Asset owners and managers are seeking to generate a single data record across the organisation, for governance, compliance, quality management and operational efficiency.
Clients are using custodians and administrators to source a single set of data to feed processes across applications and platforms, Mercer Sentinel principal Tricia Nguyen says.
“Custodians and fund managers typically source or retrieve asset data from multiple vendors to populate a single data record to be [used] for different purposes, [such as] fund accounting, performance reporting, etc,” Nguyen explains. A single data set would ensure consistent quality across the various platforms and uses, and reduce the need to reconcile data, she says.
She notes that Mercer Sentinel has seen cases where clients have wanted an external vendor to manage and navigate data for a required outcome, making a single data set more difficult to achieve.
“This may well have contributed to recent developments where we have seen the emergence of standalone data solutions by some service providers to try to accommodate clients’ specific needs,” Nguyen says.
When asset owners or managers use multiple vendors to manage data, they need to establish governance structures to oversee the relationships and reconcile data sets between the standalone provider and the data the custodian or administrator provides.
Beyond such questions around governance structures, there are other decisions clients must make before choosing how to manage data. There are several options.
“Various key aspects to consider include the significant cost of a data solution, as there are build costs, maintenance costs and data-hosting costs, along with change-management costs,” Nguyen says. “Alternatively, asset owners and asset managers may have internal databases, which may have [implications for resourcing and depend on key people for] maintenance and updates.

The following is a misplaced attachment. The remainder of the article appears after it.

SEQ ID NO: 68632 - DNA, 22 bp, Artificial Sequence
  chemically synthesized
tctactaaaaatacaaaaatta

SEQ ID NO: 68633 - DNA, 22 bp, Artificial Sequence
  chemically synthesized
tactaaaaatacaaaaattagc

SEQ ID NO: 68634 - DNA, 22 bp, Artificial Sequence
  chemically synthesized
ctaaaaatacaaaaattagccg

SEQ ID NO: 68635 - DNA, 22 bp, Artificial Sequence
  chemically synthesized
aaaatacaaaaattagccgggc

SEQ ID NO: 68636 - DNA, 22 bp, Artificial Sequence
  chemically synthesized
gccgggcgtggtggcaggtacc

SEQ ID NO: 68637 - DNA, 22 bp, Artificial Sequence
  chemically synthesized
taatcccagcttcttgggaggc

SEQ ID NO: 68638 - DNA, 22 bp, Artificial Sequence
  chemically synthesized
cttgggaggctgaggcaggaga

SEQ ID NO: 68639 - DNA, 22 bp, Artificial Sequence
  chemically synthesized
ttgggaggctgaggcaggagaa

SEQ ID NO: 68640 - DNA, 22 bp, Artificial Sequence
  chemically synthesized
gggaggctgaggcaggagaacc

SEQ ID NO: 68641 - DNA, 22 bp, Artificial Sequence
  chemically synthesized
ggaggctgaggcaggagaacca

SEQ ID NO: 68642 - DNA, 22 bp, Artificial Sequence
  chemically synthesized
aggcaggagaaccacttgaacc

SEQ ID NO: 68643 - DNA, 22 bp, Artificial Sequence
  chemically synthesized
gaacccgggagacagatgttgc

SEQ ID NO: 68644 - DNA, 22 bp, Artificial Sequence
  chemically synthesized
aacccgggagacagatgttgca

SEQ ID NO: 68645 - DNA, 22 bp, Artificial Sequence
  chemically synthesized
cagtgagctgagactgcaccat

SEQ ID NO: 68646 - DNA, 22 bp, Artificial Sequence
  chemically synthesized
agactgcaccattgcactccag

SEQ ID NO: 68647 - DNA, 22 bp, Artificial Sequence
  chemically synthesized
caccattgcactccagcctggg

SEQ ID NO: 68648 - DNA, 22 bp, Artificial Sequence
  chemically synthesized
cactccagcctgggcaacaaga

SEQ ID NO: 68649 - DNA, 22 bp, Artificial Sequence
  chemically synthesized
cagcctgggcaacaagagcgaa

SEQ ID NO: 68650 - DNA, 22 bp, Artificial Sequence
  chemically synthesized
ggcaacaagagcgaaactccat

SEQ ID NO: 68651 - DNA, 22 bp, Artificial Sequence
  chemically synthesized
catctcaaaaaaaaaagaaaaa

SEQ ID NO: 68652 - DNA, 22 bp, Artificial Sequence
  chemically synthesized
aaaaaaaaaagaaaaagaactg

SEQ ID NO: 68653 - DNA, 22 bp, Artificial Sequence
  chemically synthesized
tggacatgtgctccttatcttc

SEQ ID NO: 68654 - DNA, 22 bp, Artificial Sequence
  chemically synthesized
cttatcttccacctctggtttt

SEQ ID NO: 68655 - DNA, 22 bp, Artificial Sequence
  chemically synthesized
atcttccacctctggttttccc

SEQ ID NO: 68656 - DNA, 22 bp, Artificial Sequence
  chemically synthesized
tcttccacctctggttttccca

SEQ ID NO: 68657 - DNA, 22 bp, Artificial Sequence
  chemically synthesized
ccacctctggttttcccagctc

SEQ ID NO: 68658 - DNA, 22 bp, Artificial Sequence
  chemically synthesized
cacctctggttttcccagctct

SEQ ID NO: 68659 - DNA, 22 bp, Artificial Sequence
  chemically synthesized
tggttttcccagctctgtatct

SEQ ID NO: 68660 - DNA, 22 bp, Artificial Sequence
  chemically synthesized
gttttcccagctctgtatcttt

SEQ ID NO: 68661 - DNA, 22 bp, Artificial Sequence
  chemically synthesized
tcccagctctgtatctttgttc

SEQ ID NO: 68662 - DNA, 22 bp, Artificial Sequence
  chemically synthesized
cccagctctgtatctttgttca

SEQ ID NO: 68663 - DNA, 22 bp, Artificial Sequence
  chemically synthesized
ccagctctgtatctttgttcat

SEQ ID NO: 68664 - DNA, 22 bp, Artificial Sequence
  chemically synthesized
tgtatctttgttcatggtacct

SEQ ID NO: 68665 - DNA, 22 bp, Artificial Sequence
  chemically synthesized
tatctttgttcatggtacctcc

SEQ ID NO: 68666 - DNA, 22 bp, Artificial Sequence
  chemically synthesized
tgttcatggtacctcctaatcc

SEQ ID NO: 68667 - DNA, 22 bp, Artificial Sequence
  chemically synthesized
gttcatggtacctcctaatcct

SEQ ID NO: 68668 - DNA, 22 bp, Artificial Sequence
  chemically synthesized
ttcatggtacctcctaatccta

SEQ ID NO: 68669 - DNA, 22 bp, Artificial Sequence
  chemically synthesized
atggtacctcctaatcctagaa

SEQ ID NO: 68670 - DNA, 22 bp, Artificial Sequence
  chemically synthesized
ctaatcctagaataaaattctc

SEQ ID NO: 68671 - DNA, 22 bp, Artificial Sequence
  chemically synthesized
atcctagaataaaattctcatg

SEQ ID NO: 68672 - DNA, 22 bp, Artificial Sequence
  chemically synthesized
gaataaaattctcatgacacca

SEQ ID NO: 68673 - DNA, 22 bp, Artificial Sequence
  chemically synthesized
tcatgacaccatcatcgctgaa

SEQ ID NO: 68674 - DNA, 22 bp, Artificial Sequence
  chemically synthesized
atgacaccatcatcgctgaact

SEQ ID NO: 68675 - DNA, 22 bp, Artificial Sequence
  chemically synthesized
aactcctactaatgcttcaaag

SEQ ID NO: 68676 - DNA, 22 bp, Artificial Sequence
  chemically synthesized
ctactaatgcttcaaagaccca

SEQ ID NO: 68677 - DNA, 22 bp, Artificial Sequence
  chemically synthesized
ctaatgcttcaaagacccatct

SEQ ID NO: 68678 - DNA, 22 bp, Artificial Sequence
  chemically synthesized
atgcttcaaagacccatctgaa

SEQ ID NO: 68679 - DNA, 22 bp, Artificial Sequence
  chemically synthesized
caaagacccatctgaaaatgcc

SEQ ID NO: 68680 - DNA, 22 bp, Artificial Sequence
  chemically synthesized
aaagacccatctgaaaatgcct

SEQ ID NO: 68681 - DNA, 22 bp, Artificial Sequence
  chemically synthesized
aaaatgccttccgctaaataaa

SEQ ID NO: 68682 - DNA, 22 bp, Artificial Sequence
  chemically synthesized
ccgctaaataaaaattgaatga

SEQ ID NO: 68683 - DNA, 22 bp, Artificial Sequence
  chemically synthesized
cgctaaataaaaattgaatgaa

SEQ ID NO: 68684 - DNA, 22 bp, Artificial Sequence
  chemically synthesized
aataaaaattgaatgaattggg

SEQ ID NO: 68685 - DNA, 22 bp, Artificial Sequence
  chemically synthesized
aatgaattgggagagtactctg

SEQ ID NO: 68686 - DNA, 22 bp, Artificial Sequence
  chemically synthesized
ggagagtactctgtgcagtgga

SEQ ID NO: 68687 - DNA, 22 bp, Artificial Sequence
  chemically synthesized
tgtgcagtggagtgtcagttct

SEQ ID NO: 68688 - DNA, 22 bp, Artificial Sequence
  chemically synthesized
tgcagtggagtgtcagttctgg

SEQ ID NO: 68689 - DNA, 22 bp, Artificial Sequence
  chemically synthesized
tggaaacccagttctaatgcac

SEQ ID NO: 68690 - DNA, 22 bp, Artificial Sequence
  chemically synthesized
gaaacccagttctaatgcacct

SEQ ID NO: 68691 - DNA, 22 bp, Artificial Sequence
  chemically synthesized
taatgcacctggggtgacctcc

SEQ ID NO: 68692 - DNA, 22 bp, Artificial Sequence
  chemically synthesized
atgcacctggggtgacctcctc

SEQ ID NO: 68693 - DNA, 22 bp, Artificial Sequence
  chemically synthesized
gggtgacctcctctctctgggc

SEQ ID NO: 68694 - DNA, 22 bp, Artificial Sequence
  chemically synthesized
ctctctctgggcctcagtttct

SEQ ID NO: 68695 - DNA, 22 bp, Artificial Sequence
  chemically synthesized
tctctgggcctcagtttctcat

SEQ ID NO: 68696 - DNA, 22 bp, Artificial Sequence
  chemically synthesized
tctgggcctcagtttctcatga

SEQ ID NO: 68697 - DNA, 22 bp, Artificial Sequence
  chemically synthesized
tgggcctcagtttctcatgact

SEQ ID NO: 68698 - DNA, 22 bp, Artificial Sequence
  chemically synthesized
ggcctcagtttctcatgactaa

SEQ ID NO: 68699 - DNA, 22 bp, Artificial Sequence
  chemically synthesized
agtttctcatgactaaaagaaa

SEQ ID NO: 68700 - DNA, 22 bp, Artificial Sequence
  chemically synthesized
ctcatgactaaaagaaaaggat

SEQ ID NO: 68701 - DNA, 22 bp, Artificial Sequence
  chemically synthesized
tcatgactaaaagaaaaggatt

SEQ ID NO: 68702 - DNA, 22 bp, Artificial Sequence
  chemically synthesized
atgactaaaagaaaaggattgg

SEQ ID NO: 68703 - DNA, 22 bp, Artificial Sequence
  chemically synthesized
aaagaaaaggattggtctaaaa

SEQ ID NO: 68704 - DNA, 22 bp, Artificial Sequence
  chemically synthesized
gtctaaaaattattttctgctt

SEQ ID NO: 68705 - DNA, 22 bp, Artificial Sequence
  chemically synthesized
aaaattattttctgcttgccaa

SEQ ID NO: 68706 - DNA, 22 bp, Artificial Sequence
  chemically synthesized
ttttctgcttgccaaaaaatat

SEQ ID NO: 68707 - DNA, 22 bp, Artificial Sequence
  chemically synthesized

“Outsourcing the datahosting services to a custodian is another option but this also bears cost implications and further embeds the clients into their outsourced service arrangement, which may give rise to other relevant considerations.”
Regulatory developments, such as RG 97, and an increased focus on data transparency have “arguably” contributed to the push for a single source of truth in data management, Nguyen says.
“Top-down regulatory sentiments around data transparency have been reflected in greater demand and increased complexity in requirements around data navigation and management,” Nguyen says. “In a fiduciary capacity, the onus, therefore, is on being able to reconcile the underlying data and demonstrate a consistent set of underlying data records,” despite diverse applications.
The key to managing a single source of truth when it comes to data is to treat data as an enterprise asset, Nguyen says.
“This requires ongoing monitoring under a clear governance framework that involves relevant stakeholders within the business via clearly defined responsibility in terms of managing the end- to-end data flow through the investment cycle,” she says. “There must be alignment in terms of consistency of the underlying data source.
“Notably, strong oversight, access and interaction at the senior management level underpin a robust governance framework, and a robust governance framework
is especially pertinent in terms of proactively tracking any initiatives [for a data- management offering], to ensure timely and effective escalation for issues resolution.”